I recently published (over at CafeMom’s The Stir) what I intended to be a lighthearted, silly article on being unable to resist my kids’ leftover food items, but it turns out there are quite a few people utterly horrified by the idea of children eating things like macaroni and cheese or Goldfish crackers.

Perhaps my favorite comment from the lot was from the disapproving finger-wag who said “WAFFLES ARE NOT A SNACK,” which I find especially entertaining because O RLY?

wafflesAREasnack

The topic of food has surely become a charged topic in recent years, hasn’t it? My post was hyperbolic and not meant to be an actual detailed menu of what my children eat every day, but it seems clear there there are certain things you simply shouldn’t confess to unless you want to be accused of “contributing to the obesity epidemic.”

(Lord. I don’t even know where to get started with that, but perhaps we could begin with my boys’ protruding ribs and visible spinal columns?)

Both of my kids were relatively omnivorous eaters until they hit the toddler stage, and then . . . not so much. They currently live on fish sticks, chicken nuggets, peanut butter sandwiches, yogurt, waffles (!), cereal, cheese crackers, and noodles. Riley will eat fruit, Dylan won’t. I give them vitamins and hope for the best.

We used to actively fight against this picky behavior. We have had some epic, tear-soaked, absolutely horrible battles about food, and I won’t do it any more. I will not ruin everyone’s evening by getting into a pissing match with a stubborn kid over something he refuses to try, nor am I willing to forgo their meal altogether in the name of my own nutrition goals. I fix what I am pretty sure they’ll eat, I try to continually offer other stuff, and if someone eats two entire bites of dinner then announces that they’re done, I don’t feel bad about giving them a bowl of Cheerios later in the evening.

I sure wish they were more adventurous eaters but if this is the worst problem we’ve got to deal with, goddamn, I’ll take it. I have every faith they’ll eventually grow into ravenous teenagers who empty the fridge on a regular basis. In the meantime, I want to feed them. I want them to eat. I want them to grow and thrive and fill in their forever-baggy waistlines.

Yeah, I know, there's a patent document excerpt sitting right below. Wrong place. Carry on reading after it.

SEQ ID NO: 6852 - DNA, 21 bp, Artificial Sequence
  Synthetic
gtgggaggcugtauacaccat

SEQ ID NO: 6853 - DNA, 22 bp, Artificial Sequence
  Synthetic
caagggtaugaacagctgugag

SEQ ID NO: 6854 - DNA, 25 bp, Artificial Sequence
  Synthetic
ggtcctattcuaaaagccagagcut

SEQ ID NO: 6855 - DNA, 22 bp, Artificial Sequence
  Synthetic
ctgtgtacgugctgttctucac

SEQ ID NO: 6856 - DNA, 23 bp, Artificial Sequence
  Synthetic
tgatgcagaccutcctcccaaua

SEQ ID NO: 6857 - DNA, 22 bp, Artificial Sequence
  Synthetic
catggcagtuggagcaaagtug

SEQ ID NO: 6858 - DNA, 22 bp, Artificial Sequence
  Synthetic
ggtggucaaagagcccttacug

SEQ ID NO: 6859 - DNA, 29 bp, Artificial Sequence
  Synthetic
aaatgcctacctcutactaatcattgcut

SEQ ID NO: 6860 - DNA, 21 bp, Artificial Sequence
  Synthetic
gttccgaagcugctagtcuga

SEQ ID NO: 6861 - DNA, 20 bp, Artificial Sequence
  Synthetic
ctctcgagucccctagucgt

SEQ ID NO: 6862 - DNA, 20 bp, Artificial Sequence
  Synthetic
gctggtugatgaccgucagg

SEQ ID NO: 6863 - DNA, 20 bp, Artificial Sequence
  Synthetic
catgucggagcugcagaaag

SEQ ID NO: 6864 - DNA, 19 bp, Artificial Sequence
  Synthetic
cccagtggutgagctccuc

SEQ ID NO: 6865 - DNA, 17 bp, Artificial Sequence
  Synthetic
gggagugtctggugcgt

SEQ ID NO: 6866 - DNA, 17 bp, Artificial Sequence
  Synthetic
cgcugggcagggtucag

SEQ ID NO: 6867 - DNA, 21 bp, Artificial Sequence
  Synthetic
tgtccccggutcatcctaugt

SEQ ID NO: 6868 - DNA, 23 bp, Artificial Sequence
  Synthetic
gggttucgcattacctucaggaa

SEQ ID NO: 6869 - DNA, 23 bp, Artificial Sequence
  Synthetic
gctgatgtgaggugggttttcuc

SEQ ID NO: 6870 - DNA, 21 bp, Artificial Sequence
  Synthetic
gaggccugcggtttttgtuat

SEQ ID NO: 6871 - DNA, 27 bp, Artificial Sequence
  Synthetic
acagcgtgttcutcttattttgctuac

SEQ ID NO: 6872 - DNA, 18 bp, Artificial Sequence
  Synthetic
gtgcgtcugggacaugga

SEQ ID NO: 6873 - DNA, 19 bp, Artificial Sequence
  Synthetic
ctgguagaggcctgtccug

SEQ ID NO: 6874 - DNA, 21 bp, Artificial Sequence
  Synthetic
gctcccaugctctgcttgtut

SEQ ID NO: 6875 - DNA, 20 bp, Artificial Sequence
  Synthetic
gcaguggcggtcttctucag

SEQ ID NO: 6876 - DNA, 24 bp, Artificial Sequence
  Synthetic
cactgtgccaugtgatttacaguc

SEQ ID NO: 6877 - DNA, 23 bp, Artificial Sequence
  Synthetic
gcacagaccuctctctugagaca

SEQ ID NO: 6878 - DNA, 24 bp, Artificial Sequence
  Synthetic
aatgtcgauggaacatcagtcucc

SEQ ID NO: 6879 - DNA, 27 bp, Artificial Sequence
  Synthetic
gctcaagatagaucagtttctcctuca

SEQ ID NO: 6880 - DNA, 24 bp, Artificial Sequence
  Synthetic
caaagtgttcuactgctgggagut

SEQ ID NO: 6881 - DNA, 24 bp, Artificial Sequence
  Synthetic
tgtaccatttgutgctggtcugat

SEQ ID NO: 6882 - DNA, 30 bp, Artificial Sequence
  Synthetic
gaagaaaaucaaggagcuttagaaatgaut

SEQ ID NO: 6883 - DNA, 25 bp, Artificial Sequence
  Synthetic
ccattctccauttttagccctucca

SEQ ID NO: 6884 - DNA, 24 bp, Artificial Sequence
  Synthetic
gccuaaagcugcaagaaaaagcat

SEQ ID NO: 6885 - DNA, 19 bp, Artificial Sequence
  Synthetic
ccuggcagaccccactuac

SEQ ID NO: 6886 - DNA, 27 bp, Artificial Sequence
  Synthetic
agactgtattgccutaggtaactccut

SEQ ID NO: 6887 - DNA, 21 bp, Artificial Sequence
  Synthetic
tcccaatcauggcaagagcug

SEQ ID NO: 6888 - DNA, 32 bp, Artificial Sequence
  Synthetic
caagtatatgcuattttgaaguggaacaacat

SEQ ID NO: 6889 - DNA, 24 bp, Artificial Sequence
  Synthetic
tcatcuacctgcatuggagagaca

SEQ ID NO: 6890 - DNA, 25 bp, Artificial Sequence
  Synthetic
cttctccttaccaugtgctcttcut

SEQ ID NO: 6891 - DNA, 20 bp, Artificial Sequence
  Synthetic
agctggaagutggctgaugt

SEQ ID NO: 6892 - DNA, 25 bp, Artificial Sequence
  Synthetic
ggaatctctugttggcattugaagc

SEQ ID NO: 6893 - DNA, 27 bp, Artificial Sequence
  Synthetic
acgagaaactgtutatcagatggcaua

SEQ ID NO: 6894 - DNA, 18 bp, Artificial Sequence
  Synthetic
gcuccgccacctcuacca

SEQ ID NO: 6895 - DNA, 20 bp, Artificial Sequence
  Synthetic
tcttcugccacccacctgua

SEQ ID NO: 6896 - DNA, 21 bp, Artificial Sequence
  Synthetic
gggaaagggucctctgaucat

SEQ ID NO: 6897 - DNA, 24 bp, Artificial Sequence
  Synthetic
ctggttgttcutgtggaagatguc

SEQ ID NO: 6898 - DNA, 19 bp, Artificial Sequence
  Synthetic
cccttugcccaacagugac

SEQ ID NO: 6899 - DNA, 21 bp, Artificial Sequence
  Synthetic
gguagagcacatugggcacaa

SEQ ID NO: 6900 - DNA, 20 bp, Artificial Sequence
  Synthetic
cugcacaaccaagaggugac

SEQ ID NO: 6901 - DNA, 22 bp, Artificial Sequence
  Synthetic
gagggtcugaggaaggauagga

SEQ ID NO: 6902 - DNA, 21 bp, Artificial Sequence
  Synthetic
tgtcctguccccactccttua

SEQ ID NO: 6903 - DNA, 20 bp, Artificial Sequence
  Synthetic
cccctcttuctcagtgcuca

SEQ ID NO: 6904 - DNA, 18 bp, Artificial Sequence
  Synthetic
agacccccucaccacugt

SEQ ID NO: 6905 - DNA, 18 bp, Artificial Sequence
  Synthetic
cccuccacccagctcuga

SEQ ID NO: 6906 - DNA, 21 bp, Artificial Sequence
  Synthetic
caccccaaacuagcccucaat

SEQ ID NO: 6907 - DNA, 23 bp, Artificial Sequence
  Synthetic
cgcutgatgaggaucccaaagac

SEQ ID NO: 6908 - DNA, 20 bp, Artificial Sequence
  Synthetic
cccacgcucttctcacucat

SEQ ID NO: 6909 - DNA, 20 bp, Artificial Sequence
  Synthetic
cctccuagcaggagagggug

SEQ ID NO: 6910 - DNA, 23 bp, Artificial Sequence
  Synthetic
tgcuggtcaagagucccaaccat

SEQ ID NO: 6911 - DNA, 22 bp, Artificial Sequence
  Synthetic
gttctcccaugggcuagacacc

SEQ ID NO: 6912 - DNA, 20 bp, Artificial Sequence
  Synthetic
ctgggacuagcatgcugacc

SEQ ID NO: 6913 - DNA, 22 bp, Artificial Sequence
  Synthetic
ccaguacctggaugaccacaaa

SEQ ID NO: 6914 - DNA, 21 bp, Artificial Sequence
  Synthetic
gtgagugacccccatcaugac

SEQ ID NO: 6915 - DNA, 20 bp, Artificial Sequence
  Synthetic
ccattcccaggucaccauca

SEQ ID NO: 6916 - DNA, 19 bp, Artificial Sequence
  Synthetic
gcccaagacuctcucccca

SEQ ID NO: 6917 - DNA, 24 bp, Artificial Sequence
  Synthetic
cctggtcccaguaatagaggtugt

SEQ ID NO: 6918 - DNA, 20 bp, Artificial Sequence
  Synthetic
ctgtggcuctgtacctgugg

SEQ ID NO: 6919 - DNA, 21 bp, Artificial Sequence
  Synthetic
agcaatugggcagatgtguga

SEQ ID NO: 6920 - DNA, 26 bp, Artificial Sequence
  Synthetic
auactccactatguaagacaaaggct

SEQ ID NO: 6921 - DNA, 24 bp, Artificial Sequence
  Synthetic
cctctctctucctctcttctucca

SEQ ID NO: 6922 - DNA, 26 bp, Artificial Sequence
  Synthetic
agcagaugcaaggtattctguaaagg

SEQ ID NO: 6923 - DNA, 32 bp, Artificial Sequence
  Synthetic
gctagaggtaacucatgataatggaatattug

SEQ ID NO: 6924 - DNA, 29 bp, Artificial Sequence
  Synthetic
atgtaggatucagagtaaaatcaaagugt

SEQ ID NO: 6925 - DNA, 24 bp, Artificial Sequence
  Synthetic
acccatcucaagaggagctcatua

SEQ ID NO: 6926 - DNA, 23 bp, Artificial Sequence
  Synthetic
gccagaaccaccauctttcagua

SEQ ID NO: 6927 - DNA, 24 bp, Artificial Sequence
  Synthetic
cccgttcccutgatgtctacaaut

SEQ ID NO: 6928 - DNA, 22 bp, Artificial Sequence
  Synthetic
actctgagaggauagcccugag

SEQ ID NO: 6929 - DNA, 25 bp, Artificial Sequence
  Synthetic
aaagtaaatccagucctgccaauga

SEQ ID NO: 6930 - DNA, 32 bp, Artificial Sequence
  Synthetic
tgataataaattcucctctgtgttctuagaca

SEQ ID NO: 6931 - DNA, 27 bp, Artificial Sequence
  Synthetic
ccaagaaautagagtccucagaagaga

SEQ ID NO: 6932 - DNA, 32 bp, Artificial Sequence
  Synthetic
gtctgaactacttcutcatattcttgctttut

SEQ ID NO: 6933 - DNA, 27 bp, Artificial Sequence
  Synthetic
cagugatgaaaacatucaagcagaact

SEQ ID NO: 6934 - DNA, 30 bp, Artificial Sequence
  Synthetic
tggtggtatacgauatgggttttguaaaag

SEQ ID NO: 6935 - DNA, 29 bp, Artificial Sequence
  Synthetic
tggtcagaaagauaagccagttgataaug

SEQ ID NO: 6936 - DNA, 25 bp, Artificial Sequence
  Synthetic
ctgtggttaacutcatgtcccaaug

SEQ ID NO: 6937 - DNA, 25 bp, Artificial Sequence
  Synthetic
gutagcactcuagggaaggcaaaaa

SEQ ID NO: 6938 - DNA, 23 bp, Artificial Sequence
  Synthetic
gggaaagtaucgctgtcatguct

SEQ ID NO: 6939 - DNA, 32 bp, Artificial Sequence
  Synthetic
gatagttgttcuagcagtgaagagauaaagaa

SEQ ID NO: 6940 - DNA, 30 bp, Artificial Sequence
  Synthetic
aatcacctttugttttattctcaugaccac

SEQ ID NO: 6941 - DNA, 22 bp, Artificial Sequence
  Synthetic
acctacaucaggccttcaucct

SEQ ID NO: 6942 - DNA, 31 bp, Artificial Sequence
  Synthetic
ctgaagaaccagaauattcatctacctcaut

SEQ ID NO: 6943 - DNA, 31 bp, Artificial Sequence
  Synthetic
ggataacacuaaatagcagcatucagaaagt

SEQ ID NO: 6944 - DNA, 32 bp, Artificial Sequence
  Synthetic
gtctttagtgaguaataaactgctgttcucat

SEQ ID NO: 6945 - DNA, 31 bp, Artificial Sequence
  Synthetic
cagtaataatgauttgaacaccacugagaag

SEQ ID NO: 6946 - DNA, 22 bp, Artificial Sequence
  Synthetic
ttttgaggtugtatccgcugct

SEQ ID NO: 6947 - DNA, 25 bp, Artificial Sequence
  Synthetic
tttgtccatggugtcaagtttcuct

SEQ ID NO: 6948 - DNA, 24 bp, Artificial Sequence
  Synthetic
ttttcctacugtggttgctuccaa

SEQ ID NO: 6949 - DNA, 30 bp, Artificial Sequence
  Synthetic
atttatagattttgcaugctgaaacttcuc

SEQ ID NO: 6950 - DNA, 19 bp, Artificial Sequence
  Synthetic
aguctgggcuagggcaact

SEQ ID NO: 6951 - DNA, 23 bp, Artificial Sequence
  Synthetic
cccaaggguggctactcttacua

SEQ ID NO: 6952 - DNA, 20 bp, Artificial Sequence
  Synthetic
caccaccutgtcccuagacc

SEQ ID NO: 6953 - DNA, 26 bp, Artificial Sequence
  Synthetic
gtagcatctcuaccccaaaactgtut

So, yeah, in our house waffles are a snack. I would feed them waffles all day long if that’s what it took to fill their bellies. Why would anyone assume this is because I’m lazy, or haven’t tried other things?

It reminds me of how secretly, crappily judge-y I was about kids sleeping through the night when Riley was a baby. Since he had no sleep problems, I thought it was actually because of something we did. Why, all these people bitching about their non-sleeping kids should just, like, stop doing it wrong. Then we had Dylan, and whoah, you know what makes a delicious, nutritious meal? HUMBLE PIE.

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Amy W.
Amy W.
13 years ago

My husband’s sister was a picky eater and one of his most vivid memories from childhood is the daily battle his parents had with her–screaming, tears,gagging until she threw up. She developed a near-phobia regarding food that she is still struggling with at thirty. So we want to avoid that if at all possible with our picky son who is interested in even fewer foods than your boys.

My husband and I generally eat healthy food and are very adventurous eaters (though we still like our junk food). We hope it eventually rubs off on him, but knowing my son, if we push him, he’ll push right back, so we try to stay mellow about it.

Jessica
13 years ago

Waffles aren’t a snack in our house but they are breakfast. Daily. Only the Blueberry ones though. I would love my kid to eat healthy but I’m not going to fight him at this point. Last night he had a cheese stick and BBQ pop chips for dinner. And this morning he inhaled a bowl of Wholegrain Cheerios. Win some, lose some. And some kids will eat anything, like my nephew, and his parents are pickier than my toddler so they are just lucky!

Kami
Kami
13 years ago

Let me just say it cracks me up that people judge what your kids are eating. Hello. My 5 year old gets everything we are having put on her plate for dinner, which is normally meat, potatoes, veggies, and a roll. Ok her newest phase is she picks 1-2 things and makes a meal out of them (asking for seconds) but leaves everything else untouched. I don’t bat an eye at this, hey she ate! One hour later she may say she is hungry, Mkay–so we get her a snack. This is my third child the other two are 20 and 17…TRUST me when I say pick your battles. This is such a minor thing and they grow out of it, my seventeen year old eats like a thrasher. Your boys are fine, the ones judging…well who the hell knows what’s up with that?!

Courtney
Courtney
13 years ago

Man, you are so much better at saying what’s on my mind than I am. Thanks!

Jennifer
13 years ago